The full list of supporters will be used to show university officials, as well as to any interested member of the national and international professional community in support of our institution.

Please feel free to send the letter on to colleagues, other professionals you think might join the cause.

Thank you for your support in any form. We look forward to receiving your e-mails!

With best wishes,
The still intact and committed staff of CETT-Budapest
Here is my answer
To whom it may concern

I am writing to express my support for the staff members of CETT (Eötvös University) and in particular for Péter Rádai. Although I do not reside in Hungary or Europe, but am an EFL teacher in distant Brazil, I have come to know the excellent work developed by the Centre thanks to Péter. Not only have I been lucky to participate and collaborate with him on a European project but I have also received his encouragement and help for my nomination for the
Global Schoolnet Award.

I can bear witness to his involvement, reliability, professionalism, commitment, and enthusiasm in the area of teacher development, without which a PhD or any other diploma is meaningless.

Please reconsider your decision and allow the staff members to continue bringing recognition and prestige to Eotvos University through their excellent and professional work.


The Weblog Project

The weblog project imagined and planned by Robin Good, Marco Montemagno and film producer Massimo Stella will be the first open source, FREE, grassroots movie to support and promote the blogosphere where featured stars, producers, fundraisers and actors are the bloggers themselves.

The film springs from their passionate belief in "the importance of communicating, both online and offline, the potential of blogging to those who have yet to be be exposed to it, or those who have so far failed to catch on to the major transformative consequences that blogs can have in our immediate future."

Listen to the video interview between Robin Good and Corante's Alex Williams. Stay tuned!


Sunday, March 13, 2005

Which Polyhedral Are You?

Nate posted this quiz on his blog and I decided to have a go. The first time, surprise, surprise:

I am a d100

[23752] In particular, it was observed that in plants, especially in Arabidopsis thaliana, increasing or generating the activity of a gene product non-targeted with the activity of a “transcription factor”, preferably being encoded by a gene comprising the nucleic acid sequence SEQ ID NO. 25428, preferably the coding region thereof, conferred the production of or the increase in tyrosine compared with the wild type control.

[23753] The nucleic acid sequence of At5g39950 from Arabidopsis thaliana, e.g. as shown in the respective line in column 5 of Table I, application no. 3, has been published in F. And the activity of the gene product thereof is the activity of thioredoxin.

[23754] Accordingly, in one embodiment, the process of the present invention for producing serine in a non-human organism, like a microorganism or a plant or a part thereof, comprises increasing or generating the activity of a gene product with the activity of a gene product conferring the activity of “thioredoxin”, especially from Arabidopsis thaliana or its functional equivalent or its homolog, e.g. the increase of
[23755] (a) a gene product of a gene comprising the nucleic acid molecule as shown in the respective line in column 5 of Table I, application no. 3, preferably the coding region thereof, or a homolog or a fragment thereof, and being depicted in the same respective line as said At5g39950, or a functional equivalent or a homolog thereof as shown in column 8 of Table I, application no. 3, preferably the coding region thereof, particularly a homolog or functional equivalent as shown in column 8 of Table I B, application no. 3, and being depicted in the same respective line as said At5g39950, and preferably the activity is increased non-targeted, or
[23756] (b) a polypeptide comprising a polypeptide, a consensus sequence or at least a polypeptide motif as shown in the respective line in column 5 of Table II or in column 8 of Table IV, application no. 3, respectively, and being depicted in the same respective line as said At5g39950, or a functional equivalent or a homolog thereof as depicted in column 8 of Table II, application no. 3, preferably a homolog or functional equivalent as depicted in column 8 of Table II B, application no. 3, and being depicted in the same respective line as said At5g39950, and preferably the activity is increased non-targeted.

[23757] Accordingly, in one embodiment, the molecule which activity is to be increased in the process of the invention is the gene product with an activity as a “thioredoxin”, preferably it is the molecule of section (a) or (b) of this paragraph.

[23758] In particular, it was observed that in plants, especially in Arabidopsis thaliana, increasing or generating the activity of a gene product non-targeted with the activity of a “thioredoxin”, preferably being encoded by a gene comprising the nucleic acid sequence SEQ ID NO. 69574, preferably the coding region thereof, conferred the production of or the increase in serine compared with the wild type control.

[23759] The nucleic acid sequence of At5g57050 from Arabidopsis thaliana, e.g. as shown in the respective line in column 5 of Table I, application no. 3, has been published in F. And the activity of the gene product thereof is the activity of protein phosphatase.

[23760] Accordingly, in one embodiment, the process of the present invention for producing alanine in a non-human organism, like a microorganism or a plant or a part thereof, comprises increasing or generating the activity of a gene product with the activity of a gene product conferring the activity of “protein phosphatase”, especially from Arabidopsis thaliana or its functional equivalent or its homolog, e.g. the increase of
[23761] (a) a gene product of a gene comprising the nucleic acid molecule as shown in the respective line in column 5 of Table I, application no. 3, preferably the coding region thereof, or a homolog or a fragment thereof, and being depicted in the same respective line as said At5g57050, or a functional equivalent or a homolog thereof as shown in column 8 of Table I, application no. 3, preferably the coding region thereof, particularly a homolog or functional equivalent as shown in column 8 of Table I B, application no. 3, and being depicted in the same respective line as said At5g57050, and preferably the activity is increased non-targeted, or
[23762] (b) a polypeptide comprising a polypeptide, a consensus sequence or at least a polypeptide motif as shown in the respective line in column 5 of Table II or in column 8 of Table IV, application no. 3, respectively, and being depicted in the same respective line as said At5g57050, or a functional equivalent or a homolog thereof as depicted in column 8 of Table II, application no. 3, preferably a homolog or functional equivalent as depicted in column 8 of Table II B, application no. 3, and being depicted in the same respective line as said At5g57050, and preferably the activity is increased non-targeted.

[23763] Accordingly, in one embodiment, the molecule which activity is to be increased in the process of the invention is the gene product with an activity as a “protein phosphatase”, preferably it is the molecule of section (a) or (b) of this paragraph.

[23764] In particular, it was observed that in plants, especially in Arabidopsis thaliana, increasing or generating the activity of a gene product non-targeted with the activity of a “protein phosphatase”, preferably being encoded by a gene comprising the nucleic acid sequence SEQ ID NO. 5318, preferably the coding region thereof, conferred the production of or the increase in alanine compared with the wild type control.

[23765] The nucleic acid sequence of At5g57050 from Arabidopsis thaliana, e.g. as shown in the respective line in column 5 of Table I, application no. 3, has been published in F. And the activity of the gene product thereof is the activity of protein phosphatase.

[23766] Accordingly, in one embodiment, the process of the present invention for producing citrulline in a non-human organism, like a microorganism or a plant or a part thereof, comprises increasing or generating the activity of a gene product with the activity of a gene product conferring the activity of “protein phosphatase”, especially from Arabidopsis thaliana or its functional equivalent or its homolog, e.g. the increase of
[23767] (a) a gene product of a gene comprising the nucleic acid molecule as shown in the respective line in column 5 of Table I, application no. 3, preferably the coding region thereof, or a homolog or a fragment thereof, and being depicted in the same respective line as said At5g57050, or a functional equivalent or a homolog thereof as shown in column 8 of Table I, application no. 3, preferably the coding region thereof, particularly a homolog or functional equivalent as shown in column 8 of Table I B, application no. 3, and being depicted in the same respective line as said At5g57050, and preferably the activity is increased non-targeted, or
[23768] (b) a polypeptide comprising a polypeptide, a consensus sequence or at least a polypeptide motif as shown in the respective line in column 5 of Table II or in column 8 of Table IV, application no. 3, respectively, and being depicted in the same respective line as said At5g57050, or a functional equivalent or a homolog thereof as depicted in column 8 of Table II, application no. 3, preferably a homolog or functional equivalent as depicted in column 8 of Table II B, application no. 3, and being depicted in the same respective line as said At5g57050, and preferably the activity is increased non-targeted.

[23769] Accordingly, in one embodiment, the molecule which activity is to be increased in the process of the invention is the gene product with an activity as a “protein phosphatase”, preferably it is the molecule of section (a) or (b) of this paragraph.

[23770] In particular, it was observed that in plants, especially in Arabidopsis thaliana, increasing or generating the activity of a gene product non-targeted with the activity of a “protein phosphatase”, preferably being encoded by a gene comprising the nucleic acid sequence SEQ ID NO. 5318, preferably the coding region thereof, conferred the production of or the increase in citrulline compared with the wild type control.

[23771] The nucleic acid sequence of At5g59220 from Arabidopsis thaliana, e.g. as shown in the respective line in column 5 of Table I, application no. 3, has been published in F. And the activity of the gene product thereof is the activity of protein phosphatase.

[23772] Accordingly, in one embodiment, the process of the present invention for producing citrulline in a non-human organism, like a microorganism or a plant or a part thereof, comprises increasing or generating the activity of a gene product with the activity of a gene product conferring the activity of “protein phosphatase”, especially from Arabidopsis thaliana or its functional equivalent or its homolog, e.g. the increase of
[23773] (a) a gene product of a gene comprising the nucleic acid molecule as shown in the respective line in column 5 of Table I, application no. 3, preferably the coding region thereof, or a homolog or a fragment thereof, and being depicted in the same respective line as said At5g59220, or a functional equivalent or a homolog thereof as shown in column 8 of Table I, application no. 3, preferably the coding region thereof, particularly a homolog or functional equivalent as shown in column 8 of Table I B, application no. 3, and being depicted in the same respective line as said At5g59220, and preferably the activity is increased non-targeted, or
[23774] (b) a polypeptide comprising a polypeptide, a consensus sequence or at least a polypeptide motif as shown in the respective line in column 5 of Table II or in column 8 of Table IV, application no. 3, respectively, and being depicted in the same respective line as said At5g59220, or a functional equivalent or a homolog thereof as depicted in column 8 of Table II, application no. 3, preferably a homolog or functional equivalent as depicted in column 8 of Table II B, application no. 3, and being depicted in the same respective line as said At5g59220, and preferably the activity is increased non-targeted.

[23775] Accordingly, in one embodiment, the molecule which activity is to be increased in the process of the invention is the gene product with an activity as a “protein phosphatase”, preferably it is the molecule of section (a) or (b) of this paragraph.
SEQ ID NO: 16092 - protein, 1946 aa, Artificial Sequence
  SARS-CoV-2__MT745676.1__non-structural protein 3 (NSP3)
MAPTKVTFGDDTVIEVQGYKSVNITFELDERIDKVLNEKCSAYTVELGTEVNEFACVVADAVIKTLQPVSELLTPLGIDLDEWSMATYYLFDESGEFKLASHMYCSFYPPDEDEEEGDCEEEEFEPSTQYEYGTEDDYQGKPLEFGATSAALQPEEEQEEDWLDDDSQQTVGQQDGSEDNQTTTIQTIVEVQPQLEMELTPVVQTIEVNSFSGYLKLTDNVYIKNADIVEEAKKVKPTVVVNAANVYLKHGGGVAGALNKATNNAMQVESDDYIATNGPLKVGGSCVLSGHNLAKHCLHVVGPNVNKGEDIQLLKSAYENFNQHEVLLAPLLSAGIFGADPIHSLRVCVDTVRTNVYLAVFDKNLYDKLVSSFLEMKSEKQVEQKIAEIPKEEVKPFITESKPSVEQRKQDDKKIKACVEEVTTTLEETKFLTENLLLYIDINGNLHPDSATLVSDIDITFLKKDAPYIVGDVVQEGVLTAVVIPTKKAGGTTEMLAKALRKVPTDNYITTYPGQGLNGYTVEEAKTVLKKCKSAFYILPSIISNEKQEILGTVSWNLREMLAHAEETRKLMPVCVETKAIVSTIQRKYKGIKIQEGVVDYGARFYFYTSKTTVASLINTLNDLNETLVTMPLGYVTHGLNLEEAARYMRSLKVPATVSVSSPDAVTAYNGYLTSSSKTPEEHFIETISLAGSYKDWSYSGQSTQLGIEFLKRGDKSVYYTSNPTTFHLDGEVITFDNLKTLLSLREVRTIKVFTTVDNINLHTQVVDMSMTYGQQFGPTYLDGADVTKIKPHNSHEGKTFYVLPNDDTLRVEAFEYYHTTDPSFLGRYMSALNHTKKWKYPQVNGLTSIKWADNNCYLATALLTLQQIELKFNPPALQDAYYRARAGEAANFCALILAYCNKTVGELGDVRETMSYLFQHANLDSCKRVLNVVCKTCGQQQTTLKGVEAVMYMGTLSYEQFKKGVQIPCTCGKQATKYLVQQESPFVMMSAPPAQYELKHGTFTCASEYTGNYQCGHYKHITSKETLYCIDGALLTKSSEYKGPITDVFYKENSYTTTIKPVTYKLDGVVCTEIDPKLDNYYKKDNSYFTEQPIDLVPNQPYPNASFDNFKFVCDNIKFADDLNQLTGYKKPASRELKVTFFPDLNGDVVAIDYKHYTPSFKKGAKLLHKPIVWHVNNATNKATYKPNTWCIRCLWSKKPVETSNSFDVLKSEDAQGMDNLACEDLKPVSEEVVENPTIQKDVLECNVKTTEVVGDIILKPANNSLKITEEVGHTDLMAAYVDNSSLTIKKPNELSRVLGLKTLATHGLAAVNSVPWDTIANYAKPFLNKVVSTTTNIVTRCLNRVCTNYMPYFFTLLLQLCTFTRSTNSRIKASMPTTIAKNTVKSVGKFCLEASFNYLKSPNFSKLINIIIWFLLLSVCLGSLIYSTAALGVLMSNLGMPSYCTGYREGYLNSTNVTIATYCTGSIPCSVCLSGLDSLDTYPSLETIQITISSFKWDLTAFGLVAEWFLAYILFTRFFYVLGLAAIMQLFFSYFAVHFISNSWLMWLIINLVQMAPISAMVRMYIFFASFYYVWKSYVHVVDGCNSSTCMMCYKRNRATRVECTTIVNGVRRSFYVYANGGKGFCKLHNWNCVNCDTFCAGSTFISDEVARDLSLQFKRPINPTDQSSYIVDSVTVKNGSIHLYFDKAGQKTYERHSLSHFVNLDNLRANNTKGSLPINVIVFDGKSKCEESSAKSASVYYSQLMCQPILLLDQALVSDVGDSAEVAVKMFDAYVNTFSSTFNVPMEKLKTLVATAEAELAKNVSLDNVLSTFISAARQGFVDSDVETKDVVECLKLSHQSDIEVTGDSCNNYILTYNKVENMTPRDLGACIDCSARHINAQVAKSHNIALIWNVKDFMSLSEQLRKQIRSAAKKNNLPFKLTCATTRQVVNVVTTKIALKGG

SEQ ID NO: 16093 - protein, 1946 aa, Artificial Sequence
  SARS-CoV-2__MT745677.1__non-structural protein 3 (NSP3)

I thought some of it was not very becoming so decided to try it again, changing some of the previous choices (had to let go the red ancient dragon and the blue diamonds among others), and now got:

I am a d20

A bit of both I guess and some more ;-)


Wednesday, March 02, 2005

Firewalls of the Mind

Firewalls of the Mind
Firewalls of the Mind,
originally uploaded by bee1.

In Lesley's Graham's Peregrinations, I found the tip to Letter James, which allows you to insert a personalized text on a given picture motif. I first heard the expression firewalls of the mind used by Vance Stevens . As I looked at the Berlin Wall photo, I couldn't resist subverting it by scrawling my message on it. Emily Pohl-Weary on graffiti says: "public postering is an evolving medium of social dissent, community communication and grassroots promotion."

The fermentation of ideas, the associations and connections created by these online readings and conversations is what most attracts me to blogging.... They renew my perception, inspire me and encourage me to act.

A collection of quotes from recent read blogs:

Robert Patterson says blogs are " a generative space in which we can give birth to our lost voice. As we find our voice, we begin to wake up....This open space invites us to speak in public. Hesitantly at first we speak the old way. But now and then the occasional real voice pops out. As it does, others notice and drop by and encourage us. Encouraged we use our real voice more often. More people drop by and encourage us. Community begins to form..."